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Burn your bills: Denmark wants to go cashless by 2016

MobilePay, a Danske Bank app
Image used with permission by copyright holder
Going paperless is already an option with most bill pay systems in the United States, but one Scandinavian nation is taking paperless to a whole new level. According to recent reports, Denmark may go completely cashless by January of 2016, making it the first country in the world to entirely abandon paper currency in favor of electronic money.

This would apply mostly to retail stores, as hospitals, pharmacies, and post offices would still be required to accept cash payments. Still, with such a large portion of the economy switching over to e-money, dollar bills may soon become an antiquated novelty.

Surprisingly, this is not as drastic a measure as it may seem; many Danes are already relatively independent of cash and coin, with nearly 40 percent of the paying demographic using MobilePay, a Danske Bank app that allows all payments to be completed via smartphone. Think Google Wallet or Apple Pay en masse, but with super widespread adoption. MobilePay is only becoming more popular, as usage has grown significantly in the last month alone. When news first broke of Denmark’s plans to go cashless in May, less than a third of the population used the app. But in just one month alone, this rate increased significantly and is only projected to continue growing.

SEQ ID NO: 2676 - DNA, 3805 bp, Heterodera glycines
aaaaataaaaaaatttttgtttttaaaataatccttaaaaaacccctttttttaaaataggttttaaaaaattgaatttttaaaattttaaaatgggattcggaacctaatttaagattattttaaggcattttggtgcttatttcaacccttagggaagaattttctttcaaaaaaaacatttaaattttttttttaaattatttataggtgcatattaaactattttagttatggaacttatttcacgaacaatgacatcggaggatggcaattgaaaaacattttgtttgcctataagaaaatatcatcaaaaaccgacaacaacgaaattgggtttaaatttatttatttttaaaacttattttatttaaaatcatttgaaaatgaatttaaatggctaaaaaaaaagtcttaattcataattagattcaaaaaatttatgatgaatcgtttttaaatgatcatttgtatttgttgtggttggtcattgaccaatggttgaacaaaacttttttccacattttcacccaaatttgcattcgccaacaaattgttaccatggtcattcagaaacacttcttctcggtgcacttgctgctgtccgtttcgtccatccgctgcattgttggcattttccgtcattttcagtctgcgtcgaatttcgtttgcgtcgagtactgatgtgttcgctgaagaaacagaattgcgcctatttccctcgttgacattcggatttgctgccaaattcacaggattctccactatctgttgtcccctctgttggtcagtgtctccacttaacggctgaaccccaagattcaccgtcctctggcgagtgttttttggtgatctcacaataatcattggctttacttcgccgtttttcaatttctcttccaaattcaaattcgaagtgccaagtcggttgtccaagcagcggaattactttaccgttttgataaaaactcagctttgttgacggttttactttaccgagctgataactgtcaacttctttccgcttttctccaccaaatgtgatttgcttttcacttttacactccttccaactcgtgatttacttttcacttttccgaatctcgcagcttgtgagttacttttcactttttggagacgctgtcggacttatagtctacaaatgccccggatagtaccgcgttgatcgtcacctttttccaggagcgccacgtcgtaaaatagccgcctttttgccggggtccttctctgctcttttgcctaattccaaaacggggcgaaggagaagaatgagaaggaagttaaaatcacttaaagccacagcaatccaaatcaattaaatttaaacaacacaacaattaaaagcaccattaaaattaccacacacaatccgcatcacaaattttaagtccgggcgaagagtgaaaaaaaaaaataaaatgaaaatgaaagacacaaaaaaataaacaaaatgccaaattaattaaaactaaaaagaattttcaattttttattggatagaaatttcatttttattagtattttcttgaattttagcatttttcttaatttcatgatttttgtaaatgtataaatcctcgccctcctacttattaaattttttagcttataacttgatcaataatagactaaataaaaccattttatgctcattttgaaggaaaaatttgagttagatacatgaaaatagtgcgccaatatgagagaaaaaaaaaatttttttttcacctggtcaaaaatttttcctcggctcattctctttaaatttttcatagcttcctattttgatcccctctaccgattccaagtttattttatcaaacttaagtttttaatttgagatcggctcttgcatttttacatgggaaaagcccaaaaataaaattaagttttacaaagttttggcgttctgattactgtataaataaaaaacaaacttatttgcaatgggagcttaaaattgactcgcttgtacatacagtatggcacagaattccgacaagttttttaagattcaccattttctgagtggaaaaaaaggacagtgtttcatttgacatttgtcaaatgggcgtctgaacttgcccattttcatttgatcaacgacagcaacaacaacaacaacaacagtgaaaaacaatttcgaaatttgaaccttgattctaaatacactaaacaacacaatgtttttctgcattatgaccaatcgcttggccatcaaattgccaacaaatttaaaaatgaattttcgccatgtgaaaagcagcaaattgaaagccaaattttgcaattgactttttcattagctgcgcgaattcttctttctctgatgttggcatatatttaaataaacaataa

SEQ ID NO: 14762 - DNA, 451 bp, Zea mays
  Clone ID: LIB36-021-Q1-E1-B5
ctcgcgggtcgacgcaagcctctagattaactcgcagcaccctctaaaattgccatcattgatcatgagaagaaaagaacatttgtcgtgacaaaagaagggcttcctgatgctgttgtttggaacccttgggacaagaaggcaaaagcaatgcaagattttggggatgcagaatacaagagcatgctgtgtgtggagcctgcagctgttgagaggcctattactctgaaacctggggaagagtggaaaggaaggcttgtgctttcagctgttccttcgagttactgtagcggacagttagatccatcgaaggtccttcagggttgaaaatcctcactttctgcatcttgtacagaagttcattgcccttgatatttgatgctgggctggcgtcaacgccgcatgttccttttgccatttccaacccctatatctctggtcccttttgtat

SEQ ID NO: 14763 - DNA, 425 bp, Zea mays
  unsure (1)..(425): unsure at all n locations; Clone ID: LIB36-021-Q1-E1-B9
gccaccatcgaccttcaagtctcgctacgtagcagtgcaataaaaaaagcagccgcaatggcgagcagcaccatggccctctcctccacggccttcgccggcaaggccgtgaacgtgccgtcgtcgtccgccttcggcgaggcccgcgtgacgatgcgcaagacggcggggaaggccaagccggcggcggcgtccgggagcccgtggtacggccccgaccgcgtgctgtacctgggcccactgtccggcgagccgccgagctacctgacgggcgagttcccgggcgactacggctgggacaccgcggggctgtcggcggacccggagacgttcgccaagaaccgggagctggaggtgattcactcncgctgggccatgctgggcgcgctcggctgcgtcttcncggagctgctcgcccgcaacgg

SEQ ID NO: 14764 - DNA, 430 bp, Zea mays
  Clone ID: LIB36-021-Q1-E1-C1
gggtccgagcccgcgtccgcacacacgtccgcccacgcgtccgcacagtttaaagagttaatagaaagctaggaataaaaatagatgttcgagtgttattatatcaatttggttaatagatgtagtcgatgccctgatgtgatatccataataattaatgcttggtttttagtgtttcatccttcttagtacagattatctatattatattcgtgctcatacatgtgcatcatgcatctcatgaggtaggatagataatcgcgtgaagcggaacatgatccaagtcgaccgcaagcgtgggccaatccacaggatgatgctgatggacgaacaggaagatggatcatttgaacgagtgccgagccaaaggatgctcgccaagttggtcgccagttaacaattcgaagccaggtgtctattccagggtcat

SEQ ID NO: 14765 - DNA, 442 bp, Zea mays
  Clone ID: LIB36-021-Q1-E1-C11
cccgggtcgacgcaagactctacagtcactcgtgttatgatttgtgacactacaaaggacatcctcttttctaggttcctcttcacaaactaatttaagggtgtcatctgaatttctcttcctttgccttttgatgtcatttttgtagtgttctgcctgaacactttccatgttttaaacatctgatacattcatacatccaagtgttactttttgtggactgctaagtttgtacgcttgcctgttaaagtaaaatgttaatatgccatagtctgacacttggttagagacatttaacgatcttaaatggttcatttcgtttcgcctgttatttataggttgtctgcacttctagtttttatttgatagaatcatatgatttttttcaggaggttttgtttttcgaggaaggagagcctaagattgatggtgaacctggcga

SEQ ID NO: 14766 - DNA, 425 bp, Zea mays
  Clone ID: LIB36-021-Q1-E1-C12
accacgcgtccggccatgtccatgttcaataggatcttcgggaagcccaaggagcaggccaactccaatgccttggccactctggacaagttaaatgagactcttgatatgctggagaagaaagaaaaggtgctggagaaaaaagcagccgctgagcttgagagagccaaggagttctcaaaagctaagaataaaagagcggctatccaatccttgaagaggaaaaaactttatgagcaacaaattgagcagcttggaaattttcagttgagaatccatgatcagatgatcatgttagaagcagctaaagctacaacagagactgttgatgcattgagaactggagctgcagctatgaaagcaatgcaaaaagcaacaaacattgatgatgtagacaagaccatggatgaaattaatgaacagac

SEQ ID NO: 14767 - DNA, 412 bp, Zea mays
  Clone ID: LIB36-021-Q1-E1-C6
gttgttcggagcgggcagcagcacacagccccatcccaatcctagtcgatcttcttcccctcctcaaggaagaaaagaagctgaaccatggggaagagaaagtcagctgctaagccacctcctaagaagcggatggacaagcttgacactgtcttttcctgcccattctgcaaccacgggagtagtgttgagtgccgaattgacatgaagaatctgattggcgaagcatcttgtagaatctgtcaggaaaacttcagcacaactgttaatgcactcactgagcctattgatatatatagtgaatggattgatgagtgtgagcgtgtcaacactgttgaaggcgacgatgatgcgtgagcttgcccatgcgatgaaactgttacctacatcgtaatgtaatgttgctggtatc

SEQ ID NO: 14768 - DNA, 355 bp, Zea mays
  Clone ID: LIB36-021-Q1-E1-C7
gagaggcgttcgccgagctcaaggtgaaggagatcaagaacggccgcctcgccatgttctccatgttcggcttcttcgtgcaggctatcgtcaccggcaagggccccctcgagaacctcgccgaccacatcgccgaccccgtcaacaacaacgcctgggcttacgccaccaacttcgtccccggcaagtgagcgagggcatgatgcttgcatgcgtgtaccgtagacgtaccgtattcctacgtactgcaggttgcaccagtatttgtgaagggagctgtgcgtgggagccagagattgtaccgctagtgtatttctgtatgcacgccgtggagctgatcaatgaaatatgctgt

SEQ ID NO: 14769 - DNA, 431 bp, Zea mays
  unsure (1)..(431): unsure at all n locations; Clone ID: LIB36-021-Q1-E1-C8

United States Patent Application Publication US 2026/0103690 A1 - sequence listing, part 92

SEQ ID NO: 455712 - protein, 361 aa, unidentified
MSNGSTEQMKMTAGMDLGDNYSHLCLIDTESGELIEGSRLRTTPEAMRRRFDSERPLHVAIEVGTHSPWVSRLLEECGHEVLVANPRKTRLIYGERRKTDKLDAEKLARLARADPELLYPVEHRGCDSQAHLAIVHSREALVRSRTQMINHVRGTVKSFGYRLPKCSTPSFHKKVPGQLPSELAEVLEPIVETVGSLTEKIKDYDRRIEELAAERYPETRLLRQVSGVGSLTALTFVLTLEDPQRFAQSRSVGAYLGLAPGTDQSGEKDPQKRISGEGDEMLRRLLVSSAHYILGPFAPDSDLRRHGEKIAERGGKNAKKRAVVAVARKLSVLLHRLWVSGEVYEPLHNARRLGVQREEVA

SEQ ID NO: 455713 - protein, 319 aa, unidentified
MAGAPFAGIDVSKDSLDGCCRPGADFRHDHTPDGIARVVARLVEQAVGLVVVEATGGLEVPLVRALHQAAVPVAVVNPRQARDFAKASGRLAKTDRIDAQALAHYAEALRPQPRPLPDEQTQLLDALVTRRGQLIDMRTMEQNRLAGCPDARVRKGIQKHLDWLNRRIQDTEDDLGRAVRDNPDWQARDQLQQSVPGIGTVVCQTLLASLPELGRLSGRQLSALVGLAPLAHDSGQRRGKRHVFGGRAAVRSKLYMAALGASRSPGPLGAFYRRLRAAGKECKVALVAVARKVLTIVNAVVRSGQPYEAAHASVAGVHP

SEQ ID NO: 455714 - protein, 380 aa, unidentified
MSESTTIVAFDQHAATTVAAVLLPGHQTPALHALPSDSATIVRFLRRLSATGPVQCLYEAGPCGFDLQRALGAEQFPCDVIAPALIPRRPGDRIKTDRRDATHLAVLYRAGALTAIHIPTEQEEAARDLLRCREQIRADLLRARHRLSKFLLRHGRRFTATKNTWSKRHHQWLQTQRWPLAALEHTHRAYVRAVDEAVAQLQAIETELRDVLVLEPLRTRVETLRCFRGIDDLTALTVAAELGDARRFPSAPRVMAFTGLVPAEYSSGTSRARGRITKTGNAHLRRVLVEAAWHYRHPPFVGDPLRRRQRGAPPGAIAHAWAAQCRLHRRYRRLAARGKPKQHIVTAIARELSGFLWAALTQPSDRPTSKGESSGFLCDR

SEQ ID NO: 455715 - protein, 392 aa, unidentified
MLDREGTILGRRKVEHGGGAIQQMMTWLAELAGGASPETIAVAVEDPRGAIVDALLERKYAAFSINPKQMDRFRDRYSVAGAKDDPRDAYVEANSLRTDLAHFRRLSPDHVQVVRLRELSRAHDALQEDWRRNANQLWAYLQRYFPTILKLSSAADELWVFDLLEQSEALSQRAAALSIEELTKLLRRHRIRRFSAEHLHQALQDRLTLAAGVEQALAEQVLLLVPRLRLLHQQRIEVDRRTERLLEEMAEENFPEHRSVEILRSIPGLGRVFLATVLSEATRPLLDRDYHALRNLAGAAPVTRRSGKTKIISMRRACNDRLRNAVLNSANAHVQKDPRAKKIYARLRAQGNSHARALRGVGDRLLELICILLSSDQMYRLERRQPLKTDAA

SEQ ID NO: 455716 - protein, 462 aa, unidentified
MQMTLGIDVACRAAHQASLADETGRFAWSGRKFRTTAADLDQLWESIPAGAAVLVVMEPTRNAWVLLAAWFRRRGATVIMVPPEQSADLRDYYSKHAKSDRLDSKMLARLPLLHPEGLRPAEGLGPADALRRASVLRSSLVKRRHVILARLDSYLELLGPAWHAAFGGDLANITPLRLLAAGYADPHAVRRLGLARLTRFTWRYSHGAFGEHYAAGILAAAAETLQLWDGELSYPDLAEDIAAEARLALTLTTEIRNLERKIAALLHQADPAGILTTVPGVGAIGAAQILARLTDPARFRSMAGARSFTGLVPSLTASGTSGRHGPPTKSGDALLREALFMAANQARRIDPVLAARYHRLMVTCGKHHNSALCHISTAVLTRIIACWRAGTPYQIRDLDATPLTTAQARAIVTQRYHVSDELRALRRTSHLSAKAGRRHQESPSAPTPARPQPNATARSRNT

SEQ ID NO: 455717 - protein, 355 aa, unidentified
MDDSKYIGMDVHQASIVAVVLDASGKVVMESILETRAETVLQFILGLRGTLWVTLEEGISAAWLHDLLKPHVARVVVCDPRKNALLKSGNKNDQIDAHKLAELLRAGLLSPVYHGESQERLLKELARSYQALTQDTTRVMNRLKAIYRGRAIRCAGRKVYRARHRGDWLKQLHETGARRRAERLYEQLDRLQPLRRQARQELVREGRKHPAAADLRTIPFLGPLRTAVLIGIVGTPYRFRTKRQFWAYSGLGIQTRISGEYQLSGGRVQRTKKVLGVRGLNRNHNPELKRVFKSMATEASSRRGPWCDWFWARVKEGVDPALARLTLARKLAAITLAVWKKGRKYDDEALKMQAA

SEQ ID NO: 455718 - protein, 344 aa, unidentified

Michael Busk-Jepsen, executive director of the Danish Bankers Association, told CNN Money that a society sans cash is “no longer an illusion but a vision that can be fulfilled within a reasonable time frame.” This is certainly more true in Scandinavia than in the U.S. Whereas citizens in Norway, Sweden, and Denmark have paved the way towards solely electronic payments, a whopping 47 percent of Americans still make cash transactions. Scandinavians, by contrast, use cash for less than 6 percent of their payments.

The switch makes good economic sense for the country, experts say, with electronic payments cutting down on currency production costs and increasing transparency. Of course, fraud is a considerable risk to consider, but as technological advances are made, hopes are that these problems will soon be remediated.

So if you’re sick of carrying around change, we suggest a trip to Denmark.

Lulu Chang
Former Digital Trends Contributor
Fascinated by the effects of technology on human interaction, Lulu believes that if her parents can use your new app…
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